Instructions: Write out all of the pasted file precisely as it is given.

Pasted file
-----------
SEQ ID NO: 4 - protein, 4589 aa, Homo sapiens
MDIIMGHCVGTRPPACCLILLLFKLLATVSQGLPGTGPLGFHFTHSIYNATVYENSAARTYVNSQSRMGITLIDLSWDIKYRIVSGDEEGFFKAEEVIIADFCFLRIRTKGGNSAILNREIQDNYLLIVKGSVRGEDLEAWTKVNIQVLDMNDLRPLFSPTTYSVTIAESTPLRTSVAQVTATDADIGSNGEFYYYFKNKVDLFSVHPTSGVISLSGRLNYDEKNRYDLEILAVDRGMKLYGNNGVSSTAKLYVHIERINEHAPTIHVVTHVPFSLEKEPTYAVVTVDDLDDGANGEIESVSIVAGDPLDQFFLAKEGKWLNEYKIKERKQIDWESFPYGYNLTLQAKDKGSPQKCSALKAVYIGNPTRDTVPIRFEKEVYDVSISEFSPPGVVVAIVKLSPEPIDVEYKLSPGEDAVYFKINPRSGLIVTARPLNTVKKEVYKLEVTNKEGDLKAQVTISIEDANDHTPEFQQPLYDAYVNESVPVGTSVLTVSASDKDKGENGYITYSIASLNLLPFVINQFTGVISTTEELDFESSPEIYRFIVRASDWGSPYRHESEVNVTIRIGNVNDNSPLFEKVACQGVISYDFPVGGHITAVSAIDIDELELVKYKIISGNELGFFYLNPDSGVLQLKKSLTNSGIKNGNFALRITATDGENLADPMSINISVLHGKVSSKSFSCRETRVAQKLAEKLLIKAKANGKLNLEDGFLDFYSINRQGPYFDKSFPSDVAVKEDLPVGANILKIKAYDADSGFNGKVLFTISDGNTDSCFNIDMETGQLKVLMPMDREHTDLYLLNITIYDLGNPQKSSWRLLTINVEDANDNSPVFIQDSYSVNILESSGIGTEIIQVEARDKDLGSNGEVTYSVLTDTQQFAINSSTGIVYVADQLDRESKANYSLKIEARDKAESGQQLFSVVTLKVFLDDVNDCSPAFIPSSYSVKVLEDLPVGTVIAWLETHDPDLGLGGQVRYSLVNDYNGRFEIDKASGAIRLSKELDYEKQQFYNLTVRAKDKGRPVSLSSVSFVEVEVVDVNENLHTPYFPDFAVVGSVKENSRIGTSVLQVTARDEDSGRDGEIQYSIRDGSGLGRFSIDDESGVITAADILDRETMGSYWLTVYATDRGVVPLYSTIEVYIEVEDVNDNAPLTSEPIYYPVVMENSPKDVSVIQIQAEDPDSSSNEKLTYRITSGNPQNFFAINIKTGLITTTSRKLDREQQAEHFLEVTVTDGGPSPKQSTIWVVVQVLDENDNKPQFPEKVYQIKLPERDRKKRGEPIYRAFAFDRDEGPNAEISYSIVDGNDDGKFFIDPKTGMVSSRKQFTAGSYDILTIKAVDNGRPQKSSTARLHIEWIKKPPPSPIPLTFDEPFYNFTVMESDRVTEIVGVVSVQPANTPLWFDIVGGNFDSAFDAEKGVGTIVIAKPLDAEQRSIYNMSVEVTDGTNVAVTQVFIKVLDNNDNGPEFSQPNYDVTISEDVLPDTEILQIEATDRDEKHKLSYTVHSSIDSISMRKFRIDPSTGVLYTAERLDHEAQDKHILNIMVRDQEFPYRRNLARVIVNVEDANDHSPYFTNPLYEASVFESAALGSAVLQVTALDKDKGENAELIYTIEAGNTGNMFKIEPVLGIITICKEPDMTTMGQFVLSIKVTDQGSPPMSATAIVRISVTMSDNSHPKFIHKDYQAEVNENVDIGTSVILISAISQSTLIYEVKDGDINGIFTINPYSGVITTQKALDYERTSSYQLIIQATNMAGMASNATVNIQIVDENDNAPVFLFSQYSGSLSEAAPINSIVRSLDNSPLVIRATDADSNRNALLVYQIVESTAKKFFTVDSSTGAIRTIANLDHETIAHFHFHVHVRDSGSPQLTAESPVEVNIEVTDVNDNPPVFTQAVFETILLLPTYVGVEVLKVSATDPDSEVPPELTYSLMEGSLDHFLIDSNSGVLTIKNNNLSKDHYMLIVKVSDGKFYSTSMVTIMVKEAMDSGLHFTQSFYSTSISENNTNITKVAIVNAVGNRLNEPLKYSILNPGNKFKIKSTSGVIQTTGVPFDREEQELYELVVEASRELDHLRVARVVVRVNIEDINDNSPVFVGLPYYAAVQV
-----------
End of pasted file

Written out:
SEQ ID NO: 4 - protein, 4589 aa, Homo sapiens
MDIIMGHCVGTRPPACCLILLLFKLLATVSQGLPGTGPLGFHFTHSIYNATVYENSAARTYVNSQSRMGITLIDLSWDIKYRIVSGDEEGFFKAEEVIIADFCFLRIRTKGGNSAILNREIQDNYLLIVKGSVRGEDLEAWTKVNIQVLDMNDLRPLFSPTTYSVTIAESTPLRTSVAQVTATDADIGSNGEFYYYFKNKVDLFSVHPTSGVISLSGRLNYDEKNRYDLEILAVDRGMKLYGNNGVSSTAKLYVHIERINEHAPTIHVVTHVPFSLEKEPTYAVVTVDDLDDGANGEIESVSIVAGDPLDQFFLAKEGKWLNEYKIKERKQIDWESFPYGYNLTLQAKDKGSPQKCSALKAVYIGNPTRDTVPIRFEKEVYDVSISEFSPPGVVVAIVKLSPEPIDVEYKLSPGEDAVYFKINPRSGLIVTARPLNTVKKEVYKLEVTNKEGDLKAQVTISIEDANDHTPEFQQPLYDAYVNESVPVGTSVLTVSASDKDKGENGYITYSIASLNLLPFVINQFTGVISTTEELDFESSPEIYRFIVRASDWGSPYRHESEVNVTIRIGNVNDNSPLFEKVACQGVISYDFPVGGHITAVSAIDIDELELVKYKIISGNELGFFYLNPDSGVLQLKKSLTNSGIKNGNFALRITATDGENLADPMSINISVLHGKVSSKSFSCRETRVAQKLAEKLLIKAKANGKLNLEDGFLDFYSINRQGPYFDKSFPSDVAVKEDLPVGANILKIKAYDADSGFNGKVLFTISDGNTDSCFNIDMETGQLKVLMPMDREHTDLYLLNITIYDLGNPQKSSWRLLTINVEDANDNSPVFIQDSYSVNILESSGIGTEIIQVEARDKDLGSNGEVTYSVLTDTQQFAINSSTGIVYVADQLDRESKANYSLKIEARDKAESGQQLFSVVTLKVFLDDVNDCSPAFIPSSYSVKVLEDLPVGTVIAWLETHDPDLGLGGQVRYSLVNDYNGRFEIDKASGAIRLSKELDYEKQQFYNLTVRAKDKGRPVSLSSVSFVEVEVVDVNENLHTPYFPDFAVVGSVKENSRIGTSVLQVTARDEDSGRDGEIQYSIRDGSGLGRFSIDDESGVITAADILDRETMGSYWLTVYATDRGVVPLYSTIEVYIEVEDVNDNAPLTSEPIYYPVVMENSPKDVSVIQIQAEDPDSSSNEKLTYRITSGNPQNFFAINIKTGLITTTSRKLDREQQAEHFLEVTVTDGGPSPKQSTIWVVVQVLDENDNKPQFPEKVYQIKLPERDRKKRGEPIYRAFAFDRDEGPNAEISYSIVDGNDDGKFFIDPKTGMVSSRKQFTAGSYDILTIKAVDNGRPQKSSTARLHIEWIKKPPPSPIPLTFDEPFYNFTVMESDRVTEIVGVVSVQPANTPLWFDIVGGNFDSAFDAEKGVGTIVIAKPLDAEQRSIYNMSVEVTDGTNVAVTQVFIKVLDNNDNGPEFSQPNYDVTISEDVLPDTEILQIEATDRDEKHKLSYTVHSSIDSISMRKFRIDPSTGVLYTAERLDHEAQDKHILNIMVRDQEFPYRRNLARVIVNVEDANDHSPYFTNPLYEASVFESAALGSAVLQVTALDKDKGENAELIYTIEAGNTGNMFKIEPVLGIITICKEPDMTTMGQFVLSIKVTDQGSPPMSATAIVRISVTMSDNSHPKFIHKDYQAEVNENVDIGTSVILISAISQSTLIYEVKDGDINGIFTINPYSGVITTQKALDYERTSSYQLIIQATNMAGMASNATVNIQIVDENDNAPVFLFSQYSGSLSEAAPINSIVRSLDNSPLVIRATDADSNRNALLVYQIVESTAKKFFTVDSSTGAIRTIANLDHETIAHFHFHVHVRDSGSPQLTAESPVEVNIEVTDVNDNPPVFTQAVFETILLLPTYVGVEVLKVSATDPDSEVPPELTYSLMEGSLDHFLIDSNSGVLTIKNNNLSKDHYMLIVKVSDGKFYSTSMVTIMVKEAMDSGLHFTQSFYSTSISENNTNITKVAIVNAVGNRLNEPLKYSILNPGNKFKIKSTSGVIQTTGVPFDREEQELYELVVEASRELDHLRVARVVVRVNIEDINDNSPVFVGLPYYAAVQV